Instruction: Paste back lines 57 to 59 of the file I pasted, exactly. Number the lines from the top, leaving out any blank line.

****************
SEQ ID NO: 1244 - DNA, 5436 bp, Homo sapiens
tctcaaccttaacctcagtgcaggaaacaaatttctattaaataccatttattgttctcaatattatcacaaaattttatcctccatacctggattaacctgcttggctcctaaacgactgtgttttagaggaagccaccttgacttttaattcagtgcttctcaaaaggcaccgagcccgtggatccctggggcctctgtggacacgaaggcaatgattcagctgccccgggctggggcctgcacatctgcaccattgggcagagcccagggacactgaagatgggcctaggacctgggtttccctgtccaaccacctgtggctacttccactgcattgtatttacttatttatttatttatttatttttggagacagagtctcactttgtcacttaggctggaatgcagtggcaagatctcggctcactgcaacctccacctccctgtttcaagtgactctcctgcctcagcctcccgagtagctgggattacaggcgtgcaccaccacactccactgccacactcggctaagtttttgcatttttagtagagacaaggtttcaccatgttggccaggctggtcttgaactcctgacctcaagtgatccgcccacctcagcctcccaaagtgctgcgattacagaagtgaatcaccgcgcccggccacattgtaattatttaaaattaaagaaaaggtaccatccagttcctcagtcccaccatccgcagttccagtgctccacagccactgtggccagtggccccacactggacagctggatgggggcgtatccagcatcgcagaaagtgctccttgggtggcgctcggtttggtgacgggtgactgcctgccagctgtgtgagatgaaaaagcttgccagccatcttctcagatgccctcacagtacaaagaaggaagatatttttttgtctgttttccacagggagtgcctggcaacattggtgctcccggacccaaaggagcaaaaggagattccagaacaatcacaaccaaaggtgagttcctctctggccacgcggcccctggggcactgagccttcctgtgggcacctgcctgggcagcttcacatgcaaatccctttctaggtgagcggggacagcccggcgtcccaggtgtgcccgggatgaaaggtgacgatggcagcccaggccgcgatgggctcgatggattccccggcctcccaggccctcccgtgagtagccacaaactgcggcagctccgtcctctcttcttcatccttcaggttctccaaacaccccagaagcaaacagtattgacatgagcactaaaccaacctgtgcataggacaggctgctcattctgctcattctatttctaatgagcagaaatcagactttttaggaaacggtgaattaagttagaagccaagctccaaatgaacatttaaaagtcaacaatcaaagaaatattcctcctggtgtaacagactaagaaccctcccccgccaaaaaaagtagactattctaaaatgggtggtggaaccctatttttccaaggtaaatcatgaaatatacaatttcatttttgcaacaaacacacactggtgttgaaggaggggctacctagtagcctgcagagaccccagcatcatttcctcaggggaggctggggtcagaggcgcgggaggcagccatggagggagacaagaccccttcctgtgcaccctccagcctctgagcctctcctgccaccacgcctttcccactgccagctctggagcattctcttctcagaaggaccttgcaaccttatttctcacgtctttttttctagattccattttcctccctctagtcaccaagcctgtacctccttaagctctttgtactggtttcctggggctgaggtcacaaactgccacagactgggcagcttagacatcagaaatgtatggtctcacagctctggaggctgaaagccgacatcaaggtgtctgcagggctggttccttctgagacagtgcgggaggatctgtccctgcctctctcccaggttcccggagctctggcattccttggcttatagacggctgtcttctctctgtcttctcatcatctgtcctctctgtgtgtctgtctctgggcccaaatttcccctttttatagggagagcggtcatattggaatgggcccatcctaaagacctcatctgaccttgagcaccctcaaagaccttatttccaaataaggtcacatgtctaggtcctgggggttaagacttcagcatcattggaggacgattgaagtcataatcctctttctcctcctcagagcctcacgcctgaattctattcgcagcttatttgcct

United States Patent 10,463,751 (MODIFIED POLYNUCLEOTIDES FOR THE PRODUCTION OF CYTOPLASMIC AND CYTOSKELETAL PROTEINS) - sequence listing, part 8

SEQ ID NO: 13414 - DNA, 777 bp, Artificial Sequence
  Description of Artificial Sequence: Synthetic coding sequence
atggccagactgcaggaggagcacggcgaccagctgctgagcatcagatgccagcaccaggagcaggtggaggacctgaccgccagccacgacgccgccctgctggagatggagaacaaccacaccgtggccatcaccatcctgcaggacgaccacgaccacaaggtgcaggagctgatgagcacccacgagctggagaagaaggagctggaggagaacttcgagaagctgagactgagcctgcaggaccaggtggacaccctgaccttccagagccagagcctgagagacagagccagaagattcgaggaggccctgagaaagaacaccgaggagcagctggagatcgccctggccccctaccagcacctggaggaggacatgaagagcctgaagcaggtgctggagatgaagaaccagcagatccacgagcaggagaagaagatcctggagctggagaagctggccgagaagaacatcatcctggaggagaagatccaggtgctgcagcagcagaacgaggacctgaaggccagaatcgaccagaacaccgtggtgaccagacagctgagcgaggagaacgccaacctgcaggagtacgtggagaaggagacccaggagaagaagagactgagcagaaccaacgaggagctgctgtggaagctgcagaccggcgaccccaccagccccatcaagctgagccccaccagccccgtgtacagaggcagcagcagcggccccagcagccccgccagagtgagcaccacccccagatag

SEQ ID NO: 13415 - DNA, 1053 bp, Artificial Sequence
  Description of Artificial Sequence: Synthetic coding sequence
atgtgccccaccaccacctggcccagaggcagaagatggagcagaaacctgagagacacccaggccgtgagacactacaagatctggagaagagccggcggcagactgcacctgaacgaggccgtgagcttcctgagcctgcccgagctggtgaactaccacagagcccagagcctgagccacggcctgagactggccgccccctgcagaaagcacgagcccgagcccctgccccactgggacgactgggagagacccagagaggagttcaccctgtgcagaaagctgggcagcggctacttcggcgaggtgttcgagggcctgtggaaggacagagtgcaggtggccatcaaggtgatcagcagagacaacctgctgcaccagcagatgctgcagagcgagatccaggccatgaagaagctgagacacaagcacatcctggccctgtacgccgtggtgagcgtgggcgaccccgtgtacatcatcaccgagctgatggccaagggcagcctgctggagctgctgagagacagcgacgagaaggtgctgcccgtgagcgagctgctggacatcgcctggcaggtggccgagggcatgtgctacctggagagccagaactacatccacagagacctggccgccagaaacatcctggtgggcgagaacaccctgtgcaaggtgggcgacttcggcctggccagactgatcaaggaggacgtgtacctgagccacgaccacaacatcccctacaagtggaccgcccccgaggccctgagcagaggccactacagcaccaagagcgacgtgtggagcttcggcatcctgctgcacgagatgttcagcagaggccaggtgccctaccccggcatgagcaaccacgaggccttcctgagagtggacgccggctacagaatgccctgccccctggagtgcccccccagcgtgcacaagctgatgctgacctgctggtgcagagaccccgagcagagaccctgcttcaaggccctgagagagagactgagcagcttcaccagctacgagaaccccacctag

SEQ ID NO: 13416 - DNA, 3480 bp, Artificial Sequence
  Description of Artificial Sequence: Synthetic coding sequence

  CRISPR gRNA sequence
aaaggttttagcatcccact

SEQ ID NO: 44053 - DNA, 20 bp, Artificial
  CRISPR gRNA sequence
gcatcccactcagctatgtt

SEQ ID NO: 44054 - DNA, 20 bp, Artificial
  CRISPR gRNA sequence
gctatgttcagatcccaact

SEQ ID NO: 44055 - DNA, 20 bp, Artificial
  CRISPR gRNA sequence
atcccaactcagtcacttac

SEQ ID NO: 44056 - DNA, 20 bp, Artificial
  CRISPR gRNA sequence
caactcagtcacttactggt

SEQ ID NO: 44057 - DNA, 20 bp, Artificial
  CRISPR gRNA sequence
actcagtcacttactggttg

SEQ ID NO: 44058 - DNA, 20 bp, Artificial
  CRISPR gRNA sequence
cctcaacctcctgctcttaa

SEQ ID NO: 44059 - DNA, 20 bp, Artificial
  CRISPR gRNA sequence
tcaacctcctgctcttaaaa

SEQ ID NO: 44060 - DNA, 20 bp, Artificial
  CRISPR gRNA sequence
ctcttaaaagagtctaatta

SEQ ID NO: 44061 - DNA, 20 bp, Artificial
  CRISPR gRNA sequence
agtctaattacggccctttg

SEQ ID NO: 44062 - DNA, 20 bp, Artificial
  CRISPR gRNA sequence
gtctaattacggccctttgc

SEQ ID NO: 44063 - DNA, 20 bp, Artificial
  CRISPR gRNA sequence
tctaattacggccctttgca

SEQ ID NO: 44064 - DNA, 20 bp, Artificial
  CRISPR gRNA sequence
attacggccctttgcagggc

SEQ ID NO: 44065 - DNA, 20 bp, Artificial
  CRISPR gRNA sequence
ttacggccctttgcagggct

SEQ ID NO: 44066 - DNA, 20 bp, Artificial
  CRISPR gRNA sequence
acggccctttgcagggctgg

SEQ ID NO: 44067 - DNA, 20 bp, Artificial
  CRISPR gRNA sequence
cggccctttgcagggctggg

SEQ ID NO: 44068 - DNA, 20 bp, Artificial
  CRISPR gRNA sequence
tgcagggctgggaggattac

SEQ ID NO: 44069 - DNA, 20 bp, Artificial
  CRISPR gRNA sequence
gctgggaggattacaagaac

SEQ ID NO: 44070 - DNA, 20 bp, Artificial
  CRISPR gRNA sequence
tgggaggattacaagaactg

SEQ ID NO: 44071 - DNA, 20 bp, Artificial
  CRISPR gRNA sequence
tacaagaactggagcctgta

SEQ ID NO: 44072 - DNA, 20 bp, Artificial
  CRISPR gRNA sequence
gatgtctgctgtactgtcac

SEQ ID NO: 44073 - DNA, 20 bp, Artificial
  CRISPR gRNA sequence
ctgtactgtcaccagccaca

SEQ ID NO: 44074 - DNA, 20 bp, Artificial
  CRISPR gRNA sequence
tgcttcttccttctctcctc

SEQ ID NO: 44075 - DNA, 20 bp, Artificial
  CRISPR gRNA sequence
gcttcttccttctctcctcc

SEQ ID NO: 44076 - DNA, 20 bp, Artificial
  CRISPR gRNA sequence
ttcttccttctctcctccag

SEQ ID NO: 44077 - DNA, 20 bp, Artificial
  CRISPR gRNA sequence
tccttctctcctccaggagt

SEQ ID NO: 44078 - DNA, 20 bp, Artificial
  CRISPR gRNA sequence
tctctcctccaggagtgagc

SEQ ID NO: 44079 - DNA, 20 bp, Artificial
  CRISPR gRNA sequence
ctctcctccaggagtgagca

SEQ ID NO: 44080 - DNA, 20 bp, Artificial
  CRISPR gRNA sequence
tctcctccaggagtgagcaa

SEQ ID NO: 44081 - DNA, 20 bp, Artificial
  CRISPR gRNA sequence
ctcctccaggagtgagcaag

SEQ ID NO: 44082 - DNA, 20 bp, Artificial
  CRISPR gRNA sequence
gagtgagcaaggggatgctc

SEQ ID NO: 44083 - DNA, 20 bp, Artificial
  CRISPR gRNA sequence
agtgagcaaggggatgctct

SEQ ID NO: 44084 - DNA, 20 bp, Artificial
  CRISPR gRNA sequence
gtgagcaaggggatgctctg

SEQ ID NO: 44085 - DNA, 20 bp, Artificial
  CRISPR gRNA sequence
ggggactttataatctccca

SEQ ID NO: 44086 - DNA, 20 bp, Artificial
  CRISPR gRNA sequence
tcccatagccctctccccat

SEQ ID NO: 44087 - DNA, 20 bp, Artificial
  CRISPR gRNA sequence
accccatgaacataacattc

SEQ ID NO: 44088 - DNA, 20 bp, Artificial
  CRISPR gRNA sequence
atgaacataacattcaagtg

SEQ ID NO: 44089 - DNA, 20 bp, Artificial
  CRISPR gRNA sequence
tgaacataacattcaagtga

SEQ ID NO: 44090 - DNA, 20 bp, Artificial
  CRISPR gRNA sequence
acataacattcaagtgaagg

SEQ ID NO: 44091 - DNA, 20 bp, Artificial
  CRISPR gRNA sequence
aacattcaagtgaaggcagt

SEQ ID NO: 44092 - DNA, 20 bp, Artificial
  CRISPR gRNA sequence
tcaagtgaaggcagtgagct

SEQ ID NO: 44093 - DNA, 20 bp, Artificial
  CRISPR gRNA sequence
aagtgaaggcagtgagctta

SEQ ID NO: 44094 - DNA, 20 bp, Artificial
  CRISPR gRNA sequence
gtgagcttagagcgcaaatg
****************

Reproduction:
  CRISPR gRNA sequence
cggccctttgcagggctggg

SEQ ID NO: 44068 - DNA, 20 bp, Artificial